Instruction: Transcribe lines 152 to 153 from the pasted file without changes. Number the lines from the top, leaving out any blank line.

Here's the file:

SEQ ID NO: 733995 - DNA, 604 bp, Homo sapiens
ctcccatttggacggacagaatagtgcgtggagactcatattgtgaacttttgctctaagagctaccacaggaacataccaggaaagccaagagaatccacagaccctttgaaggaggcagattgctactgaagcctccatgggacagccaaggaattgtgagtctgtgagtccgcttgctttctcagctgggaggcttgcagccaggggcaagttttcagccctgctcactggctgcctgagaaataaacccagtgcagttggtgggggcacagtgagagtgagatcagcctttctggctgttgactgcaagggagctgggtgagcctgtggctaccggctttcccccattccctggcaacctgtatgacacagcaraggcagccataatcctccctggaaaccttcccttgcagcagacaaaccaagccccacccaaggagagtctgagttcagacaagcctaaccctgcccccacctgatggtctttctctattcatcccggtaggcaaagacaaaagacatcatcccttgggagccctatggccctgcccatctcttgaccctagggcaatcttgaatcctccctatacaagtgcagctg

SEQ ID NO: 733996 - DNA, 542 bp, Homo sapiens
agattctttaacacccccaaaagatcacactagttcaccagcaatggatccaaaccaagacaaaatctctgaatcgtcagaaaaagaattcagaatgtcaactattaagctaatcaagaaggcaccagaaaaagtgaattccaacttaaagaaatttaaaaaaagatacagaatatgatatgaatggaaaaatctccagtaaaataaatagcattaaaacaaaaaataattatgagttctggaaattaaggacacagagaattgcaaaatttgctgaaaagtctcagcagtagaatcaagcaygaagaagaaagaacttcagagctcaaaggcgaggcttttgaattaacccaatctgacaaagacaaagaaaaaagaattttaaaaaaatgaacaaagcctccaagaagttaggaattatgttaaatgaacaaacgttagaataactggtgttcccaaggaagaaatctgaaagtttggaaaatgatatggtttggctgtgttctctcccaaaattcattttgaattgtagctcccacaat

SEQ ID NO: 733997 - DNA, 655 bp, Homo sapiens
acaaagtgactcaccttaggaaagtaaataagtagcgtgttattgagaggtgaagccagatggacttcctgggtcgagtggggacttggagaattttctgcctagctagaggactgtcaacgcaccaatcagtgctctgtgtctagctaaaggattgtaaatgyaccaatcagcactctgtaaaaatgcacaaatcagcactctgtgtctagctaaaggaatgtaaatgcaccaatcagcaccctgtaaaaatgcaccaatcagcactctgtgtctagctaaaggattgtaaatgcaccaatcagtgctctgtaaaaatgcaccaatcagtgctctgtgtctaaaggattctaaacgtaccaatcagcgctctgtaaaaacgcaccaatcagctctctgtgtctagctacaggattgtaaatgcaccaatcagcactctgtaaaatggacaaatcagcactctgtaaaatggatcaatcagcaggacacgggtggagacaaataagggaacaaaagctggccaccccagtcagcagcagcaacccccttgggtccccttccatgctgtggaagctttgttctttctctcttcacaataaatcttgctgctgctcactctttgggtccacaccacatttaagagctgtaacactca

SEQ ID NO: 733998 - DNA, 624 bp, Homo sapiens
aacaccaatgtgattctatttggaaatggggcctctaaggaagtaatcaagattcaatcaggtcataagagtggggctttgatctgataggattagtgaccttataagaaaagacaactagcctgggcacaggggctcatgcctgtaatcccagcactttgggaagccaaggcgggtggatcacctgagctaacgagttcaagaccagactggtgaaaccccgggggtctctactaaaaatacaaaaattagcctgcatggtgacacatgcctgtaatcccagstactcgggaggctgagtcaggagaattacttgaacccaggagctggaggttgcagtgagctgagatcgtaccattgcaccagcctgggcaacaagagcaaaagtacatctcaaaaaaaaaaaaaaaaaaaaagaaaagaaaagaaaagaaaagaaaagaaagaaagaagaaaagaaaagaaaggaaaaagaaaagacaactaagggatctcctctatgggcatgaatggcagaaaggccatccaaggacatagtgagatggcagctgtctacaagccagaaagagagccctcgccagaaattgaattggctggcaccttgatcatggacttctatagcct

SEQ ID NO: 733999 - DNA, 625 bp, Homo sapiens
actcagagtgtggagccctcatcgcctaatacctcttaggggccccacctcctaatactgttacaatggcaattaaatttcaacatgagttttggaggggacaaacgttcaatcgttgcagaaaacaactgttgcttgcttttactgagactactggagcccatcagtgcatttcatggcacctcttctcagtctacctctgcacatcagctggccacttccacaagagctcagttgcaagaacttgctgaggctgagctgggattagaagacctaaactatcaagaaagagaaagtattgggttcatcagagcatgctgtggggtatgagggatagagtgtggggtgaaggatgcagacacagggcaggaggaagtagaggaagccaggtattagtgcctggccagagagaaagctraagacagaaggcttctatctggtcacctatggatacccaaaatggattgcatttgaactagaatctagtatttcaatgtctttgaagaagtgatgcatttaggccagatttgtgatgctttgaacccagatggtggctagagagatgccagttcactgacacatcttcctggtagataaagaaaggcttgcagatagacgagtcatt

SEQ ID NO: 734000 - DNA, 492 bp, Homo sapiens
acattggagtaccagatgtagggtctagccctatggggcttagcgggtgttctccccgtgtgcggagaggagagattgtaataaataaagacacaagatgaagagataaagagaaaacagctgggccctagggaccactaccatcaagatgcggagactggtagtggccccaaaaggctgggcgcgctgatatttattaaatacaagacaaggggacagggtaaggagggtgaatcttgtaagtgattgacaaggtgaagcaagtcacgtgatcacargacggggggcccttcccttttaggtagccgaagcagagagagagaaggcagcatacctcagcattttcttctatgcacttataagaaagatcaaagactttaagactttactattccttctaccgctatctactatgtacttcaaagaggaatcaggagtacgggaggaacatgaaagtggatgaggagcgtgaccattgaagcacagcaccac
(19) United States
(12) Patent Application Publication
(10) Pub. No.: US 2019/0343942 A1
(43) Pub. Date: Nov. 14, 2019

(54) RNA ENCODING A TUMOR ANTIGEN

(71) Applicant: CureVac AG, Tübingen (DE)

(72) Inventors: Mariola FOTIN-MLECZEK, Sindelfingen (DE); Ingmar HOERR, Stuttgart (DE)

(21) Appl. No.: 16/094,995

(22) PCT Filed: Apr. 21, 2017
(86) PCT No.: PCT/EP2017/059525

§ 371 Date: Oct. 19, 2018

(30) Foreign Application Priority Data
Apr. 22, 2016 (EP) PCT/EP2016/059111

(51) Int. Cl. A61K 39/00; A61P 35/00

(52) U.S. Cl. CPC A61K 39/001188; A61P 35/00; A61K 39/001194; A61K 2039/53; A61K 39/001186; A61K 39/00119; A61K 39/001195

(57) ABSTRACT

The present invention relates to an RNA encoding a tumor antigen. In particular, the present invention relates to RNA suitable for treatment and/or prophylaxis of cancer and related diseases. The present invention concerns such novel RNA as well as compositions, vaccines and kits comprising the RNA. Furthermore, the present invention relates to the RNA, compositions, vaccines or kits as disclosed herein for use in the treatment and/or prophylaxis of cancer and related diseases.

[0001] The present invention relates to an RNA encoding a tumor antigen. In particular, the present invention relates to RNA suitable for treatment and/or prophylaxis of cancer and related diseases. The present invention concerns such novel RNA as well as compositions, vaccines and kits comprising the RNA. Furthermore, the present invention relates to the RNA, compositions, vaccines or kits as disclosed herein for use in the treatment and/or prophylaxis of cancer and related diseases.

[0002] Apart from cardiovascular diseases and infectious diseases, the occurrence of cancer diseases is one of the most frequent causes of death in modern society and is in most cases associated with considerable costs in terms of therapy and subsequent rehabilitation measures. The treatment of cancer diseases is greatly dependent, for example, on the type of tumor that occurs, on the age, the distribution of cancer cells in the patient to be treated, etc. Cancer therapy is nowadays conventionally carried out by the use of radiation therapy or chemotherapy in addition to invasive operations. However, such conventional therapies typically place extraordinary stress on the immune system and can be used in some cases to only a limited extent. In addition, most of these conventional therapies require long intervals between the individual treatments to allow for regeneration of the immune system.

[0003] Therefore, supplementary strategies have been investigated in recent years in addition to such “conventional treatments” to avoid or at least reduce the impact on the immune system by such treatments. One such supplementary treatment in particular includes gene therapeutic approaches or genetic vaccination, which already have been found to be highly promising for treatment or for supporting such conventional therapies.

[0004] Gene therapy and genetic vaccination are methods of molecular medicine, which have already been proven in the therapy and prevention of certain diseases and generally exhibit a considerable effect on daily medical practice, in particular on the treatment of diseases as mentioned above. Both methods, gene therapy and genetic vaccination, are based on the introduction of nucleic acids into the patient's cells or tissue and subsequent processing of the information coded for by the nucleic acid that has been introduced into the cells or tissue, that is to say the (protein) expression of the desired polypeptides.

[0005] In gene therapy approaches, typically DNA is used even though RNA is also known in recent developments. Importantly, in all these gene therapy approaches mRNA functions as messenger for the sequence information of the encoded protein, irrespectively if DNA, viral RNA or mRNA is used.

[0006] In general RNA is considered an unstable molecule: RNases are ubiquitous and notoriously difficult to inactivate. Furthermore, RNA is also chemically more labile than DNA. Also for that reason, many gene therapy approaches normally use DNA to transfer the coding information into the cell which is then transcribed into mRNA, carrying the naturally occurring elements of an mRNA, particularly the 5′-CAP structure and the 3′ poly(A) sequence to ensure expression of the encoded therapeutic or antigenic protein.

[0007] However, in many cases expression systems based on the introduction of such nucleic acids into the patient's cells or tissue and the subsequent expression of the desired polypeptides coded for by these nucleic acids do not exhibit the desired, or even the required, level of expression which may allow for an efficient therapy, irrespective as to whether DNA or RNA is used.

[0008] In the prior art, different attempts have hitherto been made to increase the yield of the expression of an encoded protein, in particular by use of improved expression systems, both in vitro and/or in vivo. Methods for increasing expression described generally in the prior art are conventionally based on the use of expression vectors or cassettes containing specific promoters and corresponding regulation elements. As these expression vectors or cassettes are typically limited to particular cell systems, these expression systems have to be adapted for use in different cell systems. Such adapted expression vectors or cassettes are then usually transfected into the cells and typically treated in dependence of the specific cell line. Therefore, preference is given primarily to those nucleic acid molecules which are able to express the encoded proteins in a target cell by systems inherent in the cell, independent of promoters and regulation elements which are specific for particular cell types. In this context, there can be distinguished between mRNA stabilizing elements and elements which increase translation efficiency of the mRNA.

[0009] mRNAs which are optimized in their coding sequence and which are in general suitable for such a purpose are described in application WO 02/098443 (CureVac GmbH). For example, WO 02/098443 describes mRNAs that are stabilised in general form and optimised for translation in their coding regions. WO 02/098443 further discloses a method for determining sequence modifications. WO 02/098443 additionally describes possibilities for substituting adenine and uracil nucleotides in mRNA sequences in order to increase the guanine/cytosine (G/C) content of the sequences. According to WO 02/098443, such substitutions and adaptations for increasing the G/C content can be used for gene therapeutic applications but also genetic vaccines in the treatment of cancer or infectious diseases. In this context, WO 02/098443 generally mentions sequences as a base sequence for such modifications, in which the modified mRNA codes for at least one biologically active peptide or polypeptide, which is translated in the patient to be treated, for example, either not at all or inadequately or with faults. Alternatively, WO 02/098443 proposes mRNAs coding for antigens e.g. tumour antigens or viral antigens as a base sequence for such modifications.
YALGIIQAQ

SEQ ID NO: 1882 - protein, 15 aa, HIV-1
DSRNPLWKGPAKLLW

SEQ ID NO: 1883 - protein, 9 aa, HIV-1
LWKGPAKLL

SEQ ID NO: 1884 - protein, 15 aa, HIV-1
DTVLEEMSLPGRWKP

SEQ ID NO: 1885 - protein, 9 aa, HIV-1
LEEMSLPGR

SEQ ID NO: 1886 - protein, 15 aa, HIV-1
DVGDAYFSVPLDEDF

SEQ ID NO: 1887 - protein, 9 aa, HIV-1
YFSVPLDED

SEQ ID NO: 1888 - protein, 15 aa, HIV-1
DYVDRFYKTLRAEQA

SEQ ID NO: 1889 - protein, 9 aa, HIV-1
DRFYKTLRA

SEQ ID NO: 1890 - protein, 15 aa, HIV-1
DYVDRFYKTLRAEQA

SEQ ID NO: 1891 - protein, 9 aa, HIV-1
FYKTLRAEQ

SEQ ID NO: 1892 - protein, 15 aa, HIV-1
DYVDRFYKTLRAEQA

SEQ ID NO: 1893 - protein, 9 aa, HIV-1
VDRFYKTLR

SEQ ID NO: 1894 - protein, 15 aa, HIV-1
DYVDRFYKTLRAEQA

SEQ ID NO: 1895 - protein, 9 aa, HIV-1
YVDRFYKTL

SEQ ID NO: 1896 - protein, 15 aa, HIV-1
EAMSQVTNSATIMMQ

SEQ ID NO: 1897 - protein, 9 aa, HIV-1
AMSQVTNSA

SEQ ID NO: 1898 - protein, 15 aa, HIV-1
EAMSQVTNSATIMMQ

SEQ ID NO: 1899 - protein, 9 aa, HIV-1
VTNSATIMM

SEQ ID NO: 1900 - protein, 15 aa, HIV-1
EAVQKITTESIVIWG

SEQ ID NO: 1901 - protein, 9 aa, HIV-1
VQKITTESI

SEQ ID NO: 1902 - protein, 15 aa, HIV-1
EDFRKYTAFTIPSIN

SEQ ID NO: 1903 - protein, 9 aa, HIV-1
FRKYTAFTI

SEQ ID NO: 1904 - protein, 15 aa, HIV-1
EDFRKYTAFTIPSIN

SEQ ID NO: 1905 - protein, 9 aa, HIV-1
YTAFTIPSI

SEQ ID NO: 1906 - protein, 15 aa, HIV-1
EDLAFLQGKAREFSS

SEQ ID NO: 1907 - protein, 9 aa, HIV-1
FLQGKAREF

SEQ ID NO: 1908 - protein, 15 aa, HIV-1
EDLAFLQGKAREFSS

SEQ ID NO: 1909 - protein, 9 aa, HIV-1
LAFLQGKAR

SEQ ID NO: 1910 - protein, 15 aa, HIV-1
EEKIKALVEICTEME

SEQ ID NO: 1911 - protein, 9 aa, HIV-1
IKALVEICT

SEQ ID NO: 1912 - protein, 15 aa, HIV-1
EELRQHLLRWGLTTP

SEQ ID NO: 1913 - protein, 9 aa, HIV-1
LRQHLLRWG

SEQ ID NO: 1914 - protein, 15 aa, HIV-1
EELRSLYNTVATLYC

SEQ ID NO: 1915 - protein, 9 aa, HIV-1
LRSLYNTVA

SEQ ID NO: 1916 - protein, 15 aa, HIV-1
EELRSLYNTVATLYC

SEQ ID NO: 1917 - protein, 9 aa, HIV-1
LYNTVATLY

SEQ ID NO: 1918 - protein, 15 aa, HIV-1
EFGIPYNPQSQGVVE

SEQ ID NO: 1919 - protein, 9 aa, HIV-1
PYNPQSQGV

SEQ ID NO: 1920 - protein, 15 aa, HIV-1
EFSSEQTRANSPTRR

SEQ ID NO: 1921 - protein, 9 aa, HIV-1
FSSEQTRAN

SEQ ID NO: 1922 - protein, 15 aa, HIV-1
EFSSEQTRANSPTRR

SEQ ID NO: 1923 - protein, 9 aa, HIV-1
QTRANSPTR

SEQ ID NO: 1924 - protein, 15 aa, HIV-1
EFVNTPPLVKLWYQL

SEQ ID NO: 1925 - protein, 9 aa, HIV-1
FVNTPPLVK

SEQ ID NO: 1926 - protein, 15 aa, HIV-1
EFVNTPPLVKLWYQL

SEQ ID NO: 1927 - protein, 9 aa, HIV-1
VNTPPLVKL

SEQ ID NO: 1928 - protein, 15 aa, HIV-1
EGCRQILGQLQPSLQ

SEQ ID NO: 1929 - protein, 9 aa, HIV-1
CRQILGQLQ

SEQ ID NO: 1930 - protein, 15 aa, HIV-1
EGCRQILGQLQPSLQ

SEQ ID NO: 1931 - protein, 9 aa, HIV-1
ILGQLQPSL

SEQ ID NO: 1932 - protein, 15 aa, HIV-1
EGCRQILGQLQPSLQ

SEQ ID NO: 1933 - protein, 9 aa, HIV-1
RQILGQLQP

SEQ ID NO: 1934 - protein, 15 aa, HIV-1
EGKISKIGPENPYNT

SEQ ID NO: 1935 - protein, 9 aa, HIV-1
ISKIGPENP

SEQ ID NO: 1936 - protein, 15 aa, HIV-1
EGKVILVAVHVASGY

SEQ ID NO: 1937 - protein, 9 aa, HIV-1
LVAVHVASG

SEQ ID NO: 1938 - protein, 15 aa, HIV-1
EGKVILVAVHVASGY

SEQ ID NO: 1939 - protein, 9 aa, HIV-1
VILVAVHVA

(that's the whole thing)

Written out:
SEQ ID NO: 1938 - protein, 15 aa, HIV-1
EGKVILVAVHVASGY